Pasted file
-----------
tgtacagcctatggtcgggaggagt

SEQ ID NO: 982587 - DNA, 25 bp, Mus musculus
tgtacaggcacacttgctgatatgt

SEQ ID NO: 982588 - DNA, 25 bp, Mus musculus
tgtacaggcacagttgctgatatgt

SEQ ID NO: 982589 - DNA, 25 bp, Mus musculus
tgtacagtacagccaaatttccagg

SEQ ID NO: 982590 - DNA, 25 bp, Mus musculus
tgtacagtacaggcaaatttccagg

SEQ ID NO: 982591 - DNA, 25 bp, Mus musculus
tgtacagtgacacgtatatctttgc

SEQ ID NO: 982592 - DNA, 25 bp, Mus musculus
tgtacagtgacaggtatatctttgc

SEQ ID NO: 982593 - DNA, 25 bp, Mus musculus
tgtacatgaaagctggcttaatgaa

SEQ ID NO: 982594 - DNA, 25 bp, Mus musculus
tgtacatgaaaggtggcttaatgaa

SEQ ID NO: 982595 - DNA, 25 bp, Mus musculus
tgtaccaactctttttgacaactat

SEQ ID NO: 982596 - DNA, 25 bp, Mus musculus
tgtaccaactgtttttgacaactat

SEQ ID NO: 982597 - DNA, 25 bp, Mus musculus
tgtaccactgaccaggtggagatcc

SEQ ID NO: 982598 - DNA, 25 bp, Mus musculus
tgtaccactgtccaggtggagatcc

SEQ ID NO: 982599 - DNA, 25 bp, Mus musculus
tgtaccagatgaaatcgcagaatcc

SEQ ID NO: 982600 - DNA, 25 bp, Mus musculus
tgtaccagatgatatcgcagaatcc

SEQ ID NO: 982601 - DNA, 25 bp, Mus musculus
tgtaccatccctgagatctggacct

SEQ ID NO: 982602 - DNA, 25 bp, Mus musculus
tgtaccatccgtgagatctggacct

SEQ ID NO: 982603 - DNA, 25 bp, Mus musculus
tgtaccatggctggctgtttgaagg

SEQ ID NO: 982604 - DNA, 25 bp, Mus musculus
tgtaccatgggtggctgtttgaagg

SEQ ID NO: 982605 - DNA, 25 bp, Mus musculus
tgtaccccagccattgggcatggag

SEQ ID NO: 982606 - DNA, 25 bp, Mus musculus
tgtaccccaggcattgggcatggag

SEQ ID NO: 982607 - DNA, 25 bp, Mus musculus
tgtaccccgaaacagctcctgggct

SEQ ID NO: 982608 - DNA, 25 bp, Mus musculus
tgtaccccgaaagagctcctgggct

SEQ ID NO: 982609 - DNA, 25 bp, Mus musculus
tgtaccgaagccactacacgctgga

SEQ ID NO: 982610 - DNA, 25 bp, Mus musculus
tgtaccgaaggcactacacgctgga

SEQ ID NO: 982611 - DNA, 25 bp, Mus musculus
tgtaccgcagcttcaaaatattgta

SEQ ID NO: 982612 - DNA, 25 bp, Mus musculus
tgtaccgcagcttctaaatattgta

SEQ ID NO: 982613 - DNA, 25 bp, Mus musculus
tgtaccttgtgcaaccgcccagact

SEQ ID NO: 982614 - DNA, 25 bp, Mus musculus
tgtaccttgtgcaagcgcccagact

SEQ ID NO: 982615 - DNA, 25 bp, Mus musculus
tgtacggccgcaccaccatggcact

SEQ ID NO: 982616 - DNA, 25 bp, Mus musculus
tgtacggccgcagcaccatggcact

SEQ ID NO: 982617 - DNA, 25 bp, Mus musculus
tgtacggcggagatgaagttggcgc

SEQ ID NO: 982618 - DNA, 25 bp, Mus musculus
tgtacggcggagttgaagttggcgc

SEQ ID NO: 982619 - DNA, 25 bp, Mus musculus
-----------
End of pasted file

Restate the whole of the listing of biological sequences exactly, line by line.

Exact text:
tgtacagcctatggtcgggaggagt

SEQ ID NO: 982587 - DNA, 25 bp, Mus musculus
tgtacaggcacacttgctgatatgt

SEQ ID NO: 982588 - DNA, 25 bp, Mus musculus
tgtacaggcacagttgctgatatgt

SEQ ID NO: 982589 - DNA, 25 bp, Mus musculus
tgtacagtacagccaaatttccagg

SEQ ID NO: 982590 - DNA, 25 bp, Mus musculus
tgtacagtacaggcaaatttccagg

SEQ ID NO: 982591 - DNA, 25 bp, Mus musculus
tgtacagtgacacgtatatctttgc

SEQ ID NO: 982592 - DNA, 25 bp, Mus musculus
tgtacagtgacaggtatatctttgc

SEQ ID NO: 982593 - DNA, 25 bp, Mus musculus
tgtacatgaaagctggcttaatgaa

SEQ ID NO: 982594 - DNA, 25 bp, Mus musculus
tgtacatgaaaggtggcttaatgaa

SEQ ID NO: 982595 - DNA, 25 bp, Mus musculus
tgtaccaactctttttgacaactat

SEQ ID NO: 982596 - DNA, 25 bp, Mus musculus
tgtaccaactgtttttgacaactat

SEQ ID NO: 982597 - DNA, 25 bp, Mus musculus
tgtaccactgaccaggtggagatcc

SEQ ID NO: 982598 - DNA, 25 bp, Mus musculus
tgtaccactgtccaggtggagatcc

SEQ ID NO: 982599 - DNA, 25 bp, Mus musculus
tgtaccagatgaaatcgcagaatcc

SEQ ID NO: 982600 - DNA, 25 bp, Mus musculus
tgtaccagatgatatcgcagaatcc

SEQ ID NO: 982601 - DNA, 25 bp, Mus musculus
tgtaccatccctgagatctggacct

SEQ ID NO: 982602 - DNA, 25 bp, Mus musculus
tgtaccatccgtgagatctggacct

SEQ ID NO: 982603 - DNA, 25 bp, Mus musculus
tgtaccatggctggctgtttgaagg

SEQ ID NO: 982604 - DNA, 25 bp, Mus musculus
tgtaccatgggtggctgtttgaagg

SEQ ID NO: 982605 - DNA, 25 bp, Mus musculus
tgtaccccagccattgggcatggag

SEQ ID NO: 982606 - DNA, 25 bp, Mus musculus
tgtaccccaggcattgggcatggag

SEQ ID NO: 982607 - DNA, 25 bp, Mus musculus
tgtaccccgaaacagctcctgggct

SEQ ID NO: 982608 - DNA, 25 bp, Mus musculus
tgtaccccgaaagagctcctgggct

SEQ ID NO: 982609 - DNA, 25 bp, Mus musculus
tgtaccgaagccactacacgctgga

SEQ ID NO: 982610 - DNA, 25 bp, Mus musculus
tgtaccgaaggcactacacgctgga

SEQ ID NO: 982611 - DNA, 25 bp, Mus musculus
tgtaccgcagcttcaaaatattgta

SEQ ID NO: 982612 - DNA, 25 bp, Mus musculus
tgtaccgcagcttctaaatattgta

SEQ ID NO: 982613 - DNA, 25 bp, Mus musculus
tgtaccttgtgcaaccgcccagact

SEQ ID NO: 982614 - DNA, 25 bp, Mus musculus
tgtaccttgtgcaagcgcccagact

SEQ ID NO: 982615 - DNA, 25 bp, Mus musculus
tgtacggccgcaccaccatggcact

SEQ ID NO: 982616 - DNA, 25 bp, Mus musculus
tgtacggccgcagcaccatggcact

SEQ ID NO: 982617 - DNA, 25 bp, Mus musculus
tgtacggcggagatgaagttggcgc

SEQ ID NO: 982618 - DNA, 25 bp, Mus musculus
tgtacggcggagttgaagttggcgc

SEQ ID NO: 982619 - DNA, 25 bp, Mus musculus